Exploring the Vital Role of Ventilators in Healthcare



In critical medical situations where patients face severe respiratory distress or failure, ventilators become indispensable lifesaving devices. These mechanical marvels provide essential breathing support to patients who are unable to breathe adequately on their own. In this article, we delve into the significance of ventilators, their features, and their critical role in intensive care settings.

Understanding Ventilators: Ventilators, also known as mechanical ventilators or respirators, are medical devices designed to assist or replace the natural process of breathing. They deliver a controlled mixture of air and oxygen to patients, facilitating the exchange of oxygen and carbon dioxide in the lungs. Ventilators are employed in a wide range of critical care scenarios, including respiratory failure, acute lung injury, anesthesia support during surgeries, and more.

Key Features and Benefits:

  1. Precise and Controlled Breathing Support: Ventilators offer precise control over the delivery of oxygen and air pressure to patients, ensuring adequate ventilation and oxygenation. Healthcare professionals can adjust various parameters, such as respiratory rate, tidal volume, and positive end-expiratory pressure (PEEP), to customize treatment according to individual patient needs.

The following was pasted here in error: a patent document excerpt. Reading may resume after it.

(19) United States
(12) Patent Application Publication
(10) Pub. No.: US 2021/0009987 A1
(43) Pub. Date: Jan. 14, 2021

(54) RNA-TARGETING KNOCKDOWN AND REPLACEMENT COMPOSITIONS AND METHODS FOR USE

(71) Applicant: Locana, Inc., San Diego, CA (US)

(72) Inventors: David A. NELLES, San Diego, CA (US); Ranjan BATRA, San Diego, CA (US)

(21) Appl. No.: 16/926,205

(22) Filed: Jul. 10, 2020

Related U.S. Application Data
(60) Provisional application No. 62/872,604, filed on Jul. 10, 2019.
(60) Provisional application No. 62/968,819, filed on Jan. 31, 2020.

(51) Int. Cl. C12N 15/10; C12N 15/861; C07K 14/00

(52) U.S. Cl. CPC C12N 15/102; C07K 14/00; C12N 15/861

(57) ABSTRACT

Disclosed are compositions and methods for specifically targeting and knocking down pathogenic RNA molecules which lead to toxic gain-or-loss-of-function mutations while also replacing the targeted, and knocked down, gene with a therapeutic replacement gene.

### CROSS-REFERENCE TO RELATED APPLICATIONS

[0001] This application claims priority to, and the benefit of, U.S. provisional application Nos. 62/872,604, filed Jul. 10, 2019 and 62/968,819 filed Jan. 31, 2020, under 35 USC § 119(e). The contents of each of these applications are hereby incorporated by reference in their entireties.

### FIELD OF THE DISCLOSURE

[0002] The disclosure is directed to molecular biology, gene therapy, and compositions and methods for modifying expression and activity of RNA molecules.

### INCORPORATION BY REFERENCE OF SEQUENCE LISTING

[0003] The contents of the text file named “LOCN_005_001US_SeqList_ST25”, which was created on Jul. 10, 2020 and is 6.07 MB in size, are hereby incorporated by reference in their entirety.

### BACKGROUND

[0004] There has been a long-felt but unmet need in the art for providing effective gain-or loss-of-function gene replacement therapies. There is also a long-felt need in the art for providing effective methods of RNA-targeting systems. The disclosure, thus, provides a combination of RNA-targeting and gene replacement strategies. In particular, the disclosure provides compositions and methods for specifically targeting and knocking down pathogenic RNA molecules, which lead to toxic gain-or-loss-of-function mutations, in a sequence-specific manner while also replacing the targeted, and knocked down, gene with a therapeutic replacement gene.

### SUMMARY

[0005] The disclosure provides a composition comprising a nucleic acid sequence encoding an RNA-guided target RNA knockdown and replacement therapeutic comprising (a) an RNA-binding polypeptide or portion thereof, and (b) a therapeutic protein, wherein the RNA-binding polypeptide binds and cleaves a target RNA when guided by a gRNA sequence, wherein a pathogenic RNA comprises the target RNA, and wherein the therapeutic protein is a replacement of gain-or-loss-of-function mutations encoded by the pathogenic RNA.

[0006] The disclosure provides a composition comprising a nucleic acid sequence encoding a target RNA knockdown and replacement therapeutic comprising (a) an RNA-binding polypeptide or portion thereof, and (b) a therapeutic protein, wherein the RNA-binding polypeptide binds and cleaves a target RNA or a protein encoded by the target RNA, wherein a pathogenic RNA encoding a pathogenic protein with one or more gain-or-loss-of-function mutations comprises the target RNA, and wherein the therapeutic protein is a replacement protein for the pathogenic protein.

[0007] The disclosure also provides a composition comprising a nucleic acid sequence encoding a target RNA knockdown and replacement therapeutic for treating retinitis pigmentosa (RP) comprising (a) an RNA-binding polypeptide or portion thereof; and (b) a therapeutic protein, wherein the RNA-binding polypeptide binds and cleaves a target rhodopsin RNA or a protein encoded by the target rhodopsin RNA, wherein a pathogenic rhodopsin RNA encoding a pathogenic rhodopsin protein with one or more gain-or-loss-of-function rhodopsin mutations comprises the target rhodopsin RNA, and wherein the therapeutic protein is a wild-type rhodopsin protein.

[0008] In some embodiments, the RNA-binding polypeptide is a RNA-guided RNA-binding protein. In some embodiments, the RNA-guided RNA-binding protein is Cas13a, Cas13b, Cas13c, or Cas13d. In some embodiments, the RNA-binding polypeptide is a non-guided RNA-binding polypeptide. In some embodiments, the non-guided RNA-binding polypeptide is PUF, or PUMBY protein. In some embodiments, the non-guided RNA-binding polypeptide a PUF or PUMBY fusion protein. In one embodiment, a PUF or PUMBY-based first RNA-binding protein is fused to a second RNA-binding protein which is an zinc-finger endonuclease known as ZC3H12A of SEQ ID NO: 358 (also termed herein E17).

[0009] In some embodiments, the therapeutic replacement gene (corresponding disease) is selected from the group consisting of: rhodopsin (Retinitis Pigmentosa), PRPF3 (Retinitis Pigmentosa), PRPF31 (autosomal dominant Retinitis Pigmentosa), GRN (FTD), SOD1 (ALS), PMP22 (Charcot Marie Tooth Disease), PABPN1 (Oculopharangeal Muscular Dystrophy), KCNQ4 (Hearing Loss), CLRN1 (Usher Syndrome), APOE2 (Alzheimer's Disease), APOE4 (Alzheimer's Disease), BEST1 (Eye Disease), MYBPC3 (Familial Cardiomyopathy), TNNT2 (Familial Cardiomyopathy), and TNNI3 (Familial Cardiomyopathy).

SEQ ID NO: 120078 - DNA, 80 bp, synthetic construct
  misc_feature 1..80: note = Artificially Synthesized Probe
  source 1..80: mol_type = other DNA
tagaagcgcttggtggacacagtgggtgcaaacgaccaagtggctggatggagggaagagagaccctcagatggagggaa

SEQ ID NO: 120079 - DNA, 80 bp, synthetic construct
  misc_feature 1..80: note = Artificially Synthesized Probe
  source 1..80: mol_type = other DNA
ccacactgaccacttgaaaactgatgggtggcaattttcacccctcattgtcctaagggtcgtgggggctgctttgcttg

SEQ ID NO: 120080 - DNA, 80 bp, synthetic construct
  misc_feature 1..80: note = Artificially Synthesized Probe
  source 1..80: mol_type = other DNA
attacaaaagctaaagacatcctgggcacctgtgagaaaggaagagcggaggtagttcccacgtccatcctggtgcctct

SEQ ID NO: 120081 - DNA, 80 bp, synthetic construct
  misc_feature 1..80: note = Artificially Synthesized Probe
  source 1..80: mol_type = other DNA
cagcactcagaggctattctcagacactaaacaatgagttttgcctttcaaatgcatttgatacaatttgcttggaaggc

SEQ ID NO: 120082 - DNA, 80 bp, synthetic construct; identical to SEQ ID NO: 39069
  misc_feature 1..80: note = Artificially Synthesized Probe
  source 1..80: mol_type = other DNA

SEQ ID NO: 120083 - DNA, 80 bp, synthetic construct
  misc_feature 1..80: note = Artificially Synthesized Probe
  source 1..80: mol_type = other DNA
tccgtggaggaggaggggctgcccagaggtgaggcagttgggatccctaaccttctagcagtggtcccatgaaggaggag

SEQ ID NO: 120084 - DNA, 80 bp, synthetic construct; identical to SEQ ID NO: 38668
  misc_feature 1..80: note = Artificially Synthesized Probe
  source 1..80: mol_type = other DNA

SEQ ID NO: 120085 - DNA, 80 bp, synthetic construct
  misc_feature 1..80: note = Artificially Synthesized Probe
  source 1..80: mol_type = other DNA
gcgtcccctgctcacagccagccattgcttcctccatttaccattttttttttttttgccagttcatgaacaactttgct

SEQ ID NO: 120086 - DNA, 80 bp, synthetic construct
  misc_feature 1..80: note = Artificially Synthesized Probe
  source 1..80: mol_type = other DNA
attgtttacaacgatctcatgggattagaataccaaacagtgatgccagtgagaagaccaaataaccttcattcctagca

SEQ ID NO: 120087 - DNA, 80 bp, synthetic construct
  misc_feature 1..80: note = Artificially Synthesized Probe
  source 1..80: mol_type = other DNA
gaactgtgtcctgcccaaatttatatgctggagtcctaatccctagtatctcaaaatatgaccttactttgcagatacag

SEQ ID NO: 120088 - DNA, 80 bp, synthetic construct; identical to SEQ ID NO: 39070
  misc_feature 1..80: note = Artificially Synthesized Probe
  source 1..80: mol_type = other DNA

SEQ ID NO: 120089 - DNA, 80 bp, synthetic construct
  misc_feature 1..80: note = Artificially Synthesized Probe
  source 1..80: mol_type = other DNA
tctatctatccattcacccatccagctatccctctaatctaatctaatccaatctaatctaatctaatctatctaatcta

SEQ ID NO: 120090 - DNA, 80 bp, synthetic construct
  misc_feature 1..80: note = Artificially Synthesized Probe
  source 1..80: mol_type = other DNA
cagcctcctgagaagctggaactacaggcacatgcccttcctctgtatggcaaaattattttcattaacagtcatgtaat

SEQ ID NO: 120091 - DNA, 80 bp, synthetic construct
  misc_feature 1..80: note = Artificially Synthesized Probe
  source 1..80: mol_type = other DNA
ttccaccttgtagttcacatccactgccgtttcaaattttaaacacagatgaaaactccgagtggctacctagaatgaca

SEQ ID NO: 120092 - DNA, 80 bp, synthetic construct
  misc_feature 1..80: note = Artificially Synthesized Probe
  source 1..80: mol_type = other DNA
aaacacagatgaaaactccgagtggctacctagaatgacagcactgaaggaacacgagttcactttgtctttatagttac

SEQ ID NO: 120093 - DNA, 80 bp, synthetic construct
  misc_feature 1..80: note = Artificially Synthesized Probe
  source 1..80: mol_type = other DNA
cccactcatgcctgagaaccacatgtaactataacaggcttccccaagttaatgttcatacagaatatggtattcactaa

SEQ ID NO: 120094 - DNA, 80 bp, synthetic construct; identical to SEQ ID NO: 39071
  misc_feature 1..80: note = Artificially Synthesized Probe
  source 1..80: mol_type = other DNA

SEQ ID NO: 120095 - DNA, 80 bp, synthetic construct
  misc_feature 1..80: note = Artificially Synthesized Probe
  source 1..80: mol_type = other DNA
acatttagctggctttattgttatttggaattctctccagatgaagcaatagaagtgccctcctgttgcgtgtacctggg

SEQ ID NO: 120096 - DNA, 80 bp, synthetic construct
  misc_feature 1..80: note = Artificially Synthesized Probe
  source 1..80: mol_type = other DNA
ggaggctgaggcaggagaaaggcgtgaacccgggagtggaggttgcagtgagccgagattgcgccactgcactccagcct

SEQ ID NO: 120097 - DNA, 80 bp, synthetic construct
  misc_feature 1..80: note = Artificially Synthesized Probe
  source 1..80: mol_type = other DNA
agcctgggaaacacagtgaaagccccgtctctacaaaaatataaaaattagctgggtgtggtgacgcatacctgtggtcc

2. Modes and Ventilation Strategies: Ventilators provide multiple ventilation modes and strategies to address different respiratory conditions. These modes include assist-control ventilation, pressure support ventilation, synchronized intermittent mandatory ventilation, and more. Such versatility allows healthcare providers to tailor treatment based on patient requirements and optimize respiratory support.
  3. Monitoring and Alarming Capabilities: Modern ventilators are equipped with advanced monitoring systems that continuously assess patient parameters, including oxygen saturation, tidal volume, and respiratory rate. Alarms are triggered if certain parameters fall outside predetermined ranges, ensuring timely intervention by healthcare providers in case of emergencies or changes in patient condition.
  4. Non-Invasive and Invasive Options: Ventilators offer both non-invasive and invasive ventilation options. Non-invasive ventilation, such as continuous positive airway pressure (CPAP) and bilevel positive airway pressure (BiPAP), delivers respiratory support through a mask or nasal interface without the need for intubation. Invasive ventilation involves the insertion of an endotracheal tube into the patient’s airway for direct delivery of respiratory support.
  5. Life-Sustaining Capability: Ventilators are essential in critical care situations where a patient’s ability to breathe independently is compromised or insufficient. They provide life-sustaining support, delivering oxygen and removing carbon dioxide, thereby allowing patients to rest, heal, and recover while ensuring their vital organs receive the necessary oxygen supply.